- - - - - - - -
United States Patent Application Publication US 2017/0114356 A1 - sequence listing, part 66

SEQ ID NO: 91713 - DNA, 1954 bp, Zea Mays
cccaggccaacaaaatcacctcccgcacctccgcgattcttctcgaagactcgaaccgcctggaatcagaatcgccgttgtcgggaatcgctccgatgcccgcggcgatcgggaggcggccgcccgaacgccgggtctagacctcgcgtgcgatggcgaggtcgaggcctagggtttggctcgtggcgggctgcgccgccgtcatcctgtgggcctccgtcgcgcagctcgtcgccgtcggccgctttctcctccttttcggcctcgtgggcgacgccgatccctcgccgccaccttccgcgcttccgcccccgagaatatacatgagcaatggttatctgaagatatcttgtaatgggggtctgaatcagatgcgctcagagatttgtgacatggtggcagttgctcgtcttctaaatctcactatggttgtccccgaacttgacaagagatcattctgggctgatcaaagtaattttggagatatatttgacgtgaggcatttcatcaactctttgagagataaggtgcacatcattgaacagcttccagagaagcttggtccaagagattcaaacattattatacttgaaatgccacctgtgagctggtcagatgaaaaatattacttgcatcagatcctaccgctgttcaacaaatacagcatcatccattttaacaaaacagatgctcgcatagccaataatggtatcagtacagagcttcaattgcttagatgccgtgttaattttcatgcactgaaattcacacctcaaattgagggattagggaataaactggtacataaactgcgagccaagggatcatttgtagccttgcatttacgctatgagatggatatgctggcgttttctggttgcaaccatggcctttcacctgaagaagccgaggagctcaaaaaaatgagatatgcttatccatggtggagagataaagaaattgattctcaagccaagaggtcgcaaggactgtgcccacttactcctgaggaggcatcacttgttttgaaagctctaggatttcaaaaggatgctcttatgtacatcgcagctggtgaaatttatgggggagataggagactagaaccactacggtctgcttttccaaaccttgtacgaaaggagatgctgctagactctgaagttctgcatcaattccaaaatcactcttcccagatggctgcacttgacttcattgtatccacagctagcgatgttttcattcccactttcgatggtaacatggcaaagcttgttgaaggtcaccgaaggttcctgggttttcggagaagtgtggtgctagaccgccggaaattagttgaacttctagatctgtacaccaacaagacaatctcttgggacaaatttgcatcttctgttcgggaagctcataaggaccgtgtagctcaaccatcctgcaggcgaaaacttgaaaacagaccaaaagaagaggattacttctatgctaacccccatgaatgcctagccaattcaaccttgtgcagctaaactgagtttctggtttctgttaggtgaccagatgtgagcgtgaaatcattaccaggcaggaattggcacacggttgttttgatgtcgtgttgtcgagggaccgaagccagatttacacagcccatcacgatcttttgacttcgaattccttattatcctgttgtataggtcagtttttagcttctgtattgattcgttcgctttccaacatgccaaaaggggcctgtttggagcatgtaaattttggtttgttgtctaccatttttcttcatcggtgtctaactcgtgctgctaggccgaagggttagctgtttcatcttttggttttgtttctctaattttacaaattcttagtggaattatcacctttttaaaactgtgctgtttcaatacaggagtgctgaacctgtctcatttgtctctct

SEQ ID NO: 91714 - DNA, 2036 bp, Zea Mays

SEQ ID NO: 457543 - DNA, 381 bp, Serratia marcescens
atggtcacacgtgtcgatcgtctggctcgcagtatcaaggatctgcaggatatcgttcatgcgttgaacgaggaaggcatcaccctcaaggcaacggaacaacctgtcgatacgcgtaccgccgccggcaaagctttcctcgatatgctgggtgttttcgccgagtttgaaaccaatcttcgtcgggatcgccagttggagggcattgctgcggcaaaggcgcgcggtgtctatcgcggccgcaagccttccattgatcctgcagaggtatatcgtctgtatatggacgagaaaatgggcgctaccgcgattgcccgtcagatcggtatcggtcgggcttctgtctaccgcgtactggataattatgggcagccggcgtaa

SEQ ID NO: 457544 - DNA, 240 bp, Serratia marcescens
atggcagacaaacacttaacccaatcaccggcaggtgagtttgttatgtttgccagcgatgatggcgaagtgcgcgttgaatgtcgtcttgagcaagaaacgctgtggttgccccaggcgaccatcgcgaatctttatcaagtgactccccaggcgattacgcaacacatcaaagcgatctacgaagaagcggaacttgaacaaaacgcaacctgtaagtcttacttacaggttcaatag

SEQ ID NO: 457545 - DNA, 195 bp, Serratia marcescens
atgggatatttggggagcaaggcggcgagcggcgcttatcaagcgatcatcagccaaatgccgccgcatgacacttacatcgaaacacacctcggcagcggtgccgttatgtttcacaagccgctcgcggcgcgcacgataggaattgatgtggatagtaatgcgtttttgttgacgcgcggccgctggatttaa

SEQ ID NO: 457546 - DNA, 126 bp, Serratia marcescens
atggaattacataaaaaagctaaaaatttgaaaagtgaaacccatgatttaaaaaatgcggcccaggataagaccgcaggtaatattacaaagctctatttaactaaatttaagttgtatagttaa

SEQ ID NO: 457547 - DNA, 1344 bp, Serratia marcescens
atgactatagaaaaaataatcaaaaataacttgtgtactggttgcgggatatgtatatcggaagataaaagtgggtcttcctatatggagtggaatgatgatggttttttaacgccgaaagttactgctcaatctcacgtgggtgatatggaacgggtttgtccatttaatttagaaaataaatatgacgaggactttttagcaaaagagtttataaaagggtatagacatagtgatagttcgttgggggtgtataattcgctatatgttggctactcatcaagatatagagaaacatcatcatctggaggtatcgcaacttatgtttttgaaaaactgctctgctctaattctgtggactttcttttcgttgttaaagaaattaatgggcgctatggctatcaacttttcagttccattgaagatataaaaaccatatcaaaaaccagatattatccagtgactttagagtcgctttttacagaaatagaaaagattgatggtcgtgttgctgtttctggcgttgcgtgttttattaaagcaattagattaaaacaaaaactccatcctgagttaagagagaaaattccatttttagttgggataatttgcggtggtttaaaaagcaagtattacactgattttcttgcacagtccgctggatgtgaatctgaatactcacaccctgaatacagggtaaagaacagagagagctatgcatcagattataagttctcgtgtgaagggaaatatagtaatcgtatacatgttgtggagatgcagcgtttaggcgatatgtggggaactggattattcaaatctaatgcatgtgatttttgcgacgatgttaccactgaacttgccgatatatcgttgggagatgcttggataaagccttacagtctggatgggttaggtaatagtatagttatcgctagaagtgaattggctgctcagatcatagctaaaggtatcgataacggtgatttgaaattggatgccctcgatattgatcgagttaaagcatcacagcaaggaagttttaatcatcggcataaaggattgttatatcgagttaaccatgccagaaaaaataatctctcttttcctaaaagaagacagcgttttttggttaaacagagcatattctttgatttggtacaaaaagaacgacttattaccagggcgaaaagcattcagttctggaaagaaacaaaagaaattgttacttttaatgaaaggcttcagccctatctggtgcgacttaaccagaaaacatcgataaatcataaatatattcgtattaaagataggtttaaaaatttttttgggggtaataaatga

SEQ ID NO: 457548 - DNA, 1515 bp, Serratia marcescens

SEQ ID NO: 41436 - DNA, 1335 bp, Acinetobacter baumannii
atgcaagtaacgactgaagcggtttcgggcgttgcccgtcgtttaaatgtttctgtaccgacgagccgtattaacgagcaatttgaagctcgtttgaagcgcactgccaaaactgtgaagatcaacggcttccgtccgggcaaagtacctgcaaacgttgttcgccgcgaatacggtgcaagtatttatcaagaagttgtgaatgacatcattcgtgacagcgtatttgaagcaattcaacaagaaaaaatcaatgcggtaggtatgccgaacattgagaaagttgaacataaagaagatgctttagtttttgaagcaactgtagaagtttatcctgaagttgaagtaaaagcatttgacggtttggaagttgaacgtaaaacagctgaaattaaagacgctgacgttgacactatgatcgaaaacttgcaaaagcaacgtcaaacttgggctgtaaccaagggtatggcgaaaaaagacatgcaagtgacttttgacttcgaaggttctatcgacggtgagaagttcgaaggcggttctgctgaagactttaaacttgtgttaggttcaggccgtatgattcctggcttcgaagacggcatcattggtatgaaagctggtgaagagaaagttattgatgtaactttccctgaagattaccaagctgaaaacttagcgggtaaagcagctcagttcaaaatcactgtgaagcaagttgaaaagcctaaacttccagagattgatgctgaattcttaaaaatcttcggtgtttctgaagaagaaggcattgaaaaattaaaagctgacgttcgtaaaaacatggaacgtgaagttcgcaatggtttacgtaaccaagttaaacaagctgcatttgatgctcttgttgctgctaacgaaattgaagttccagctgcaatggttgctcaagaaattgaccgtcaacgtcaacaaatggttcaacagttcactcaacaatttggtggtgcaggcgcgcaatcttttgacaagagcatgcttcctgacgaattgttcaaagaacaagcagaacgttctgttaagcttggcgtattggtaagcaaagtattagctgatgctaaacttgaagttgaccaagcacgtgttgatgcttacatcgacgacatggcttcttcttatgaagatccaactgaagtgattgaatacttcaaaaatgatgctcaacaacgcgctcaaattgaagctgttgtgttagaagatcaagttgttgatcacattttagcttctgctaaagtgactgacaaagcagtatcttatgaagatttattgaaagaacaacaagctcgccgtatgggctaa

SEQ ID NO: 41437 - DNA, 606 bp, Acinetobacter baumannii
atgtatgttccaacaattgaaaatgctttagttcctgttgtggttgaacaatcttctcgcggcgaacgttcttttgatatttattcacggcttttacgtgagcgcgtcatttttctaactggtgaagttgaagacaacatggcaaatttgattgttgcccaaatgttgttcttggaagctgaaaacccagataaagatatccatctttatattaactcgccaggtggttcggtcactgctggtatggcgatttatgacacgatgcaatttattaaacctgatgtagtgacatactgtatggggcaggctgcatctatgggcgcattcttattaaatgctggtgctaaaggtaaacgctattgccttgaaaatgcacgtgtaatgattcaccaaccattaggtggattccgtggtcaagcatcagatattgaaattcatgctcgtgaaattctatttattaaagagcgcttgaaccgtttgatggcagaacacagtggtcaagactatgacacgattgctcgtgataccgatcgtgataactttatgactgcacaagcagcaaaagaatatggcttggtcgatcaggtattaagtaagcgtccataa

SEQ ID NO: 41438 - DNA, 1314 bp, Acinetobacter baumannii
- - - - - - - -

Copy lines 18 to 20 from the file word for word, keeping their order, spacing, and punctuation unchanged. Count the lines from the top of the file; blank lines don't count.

SEQ ID NO: 41437 - DNA, 606 bp, Acinetobacter baumannii
atgtatgttccaacaattgaaaatgctttagttcctgttgtggttgaacaatcttctcgcggcgaacgttcttttgatatttattcacggcttttacgtgagcgcgtcatttttctaactggtgaagttgaagacaacatggcaaatttgattgttgcccaaatgttgttcttggaagctgaaaacccagataaagatatccatctttatattaactcgccaggtggttcggtcactgctggtatggcgatttatgacacgatgcaatttattaaacctgatgtagtgacatactgtatggggcaggctgcatctatgggcgcattcttattaaatgctggtgctaaaggtaaacgctattgccttgaaaatgcacgtgtaatgattcaccaaccattaggtggattccgtggtcaagcatcagatattgaaattcatgctcgtgaaattctatttattaaagagcgcttgaaccgtttgatggcagaacacagtggtcaagactatgacacgattgctcgtgataccgatcgtgataactttatgactgcacaagcagcaaaagaatatggcttggtcgatcaggtattaagtaagcgtccataa

SEQ ID NO: 41438 - DNA, 1314 bp, Acinetobacter baumannii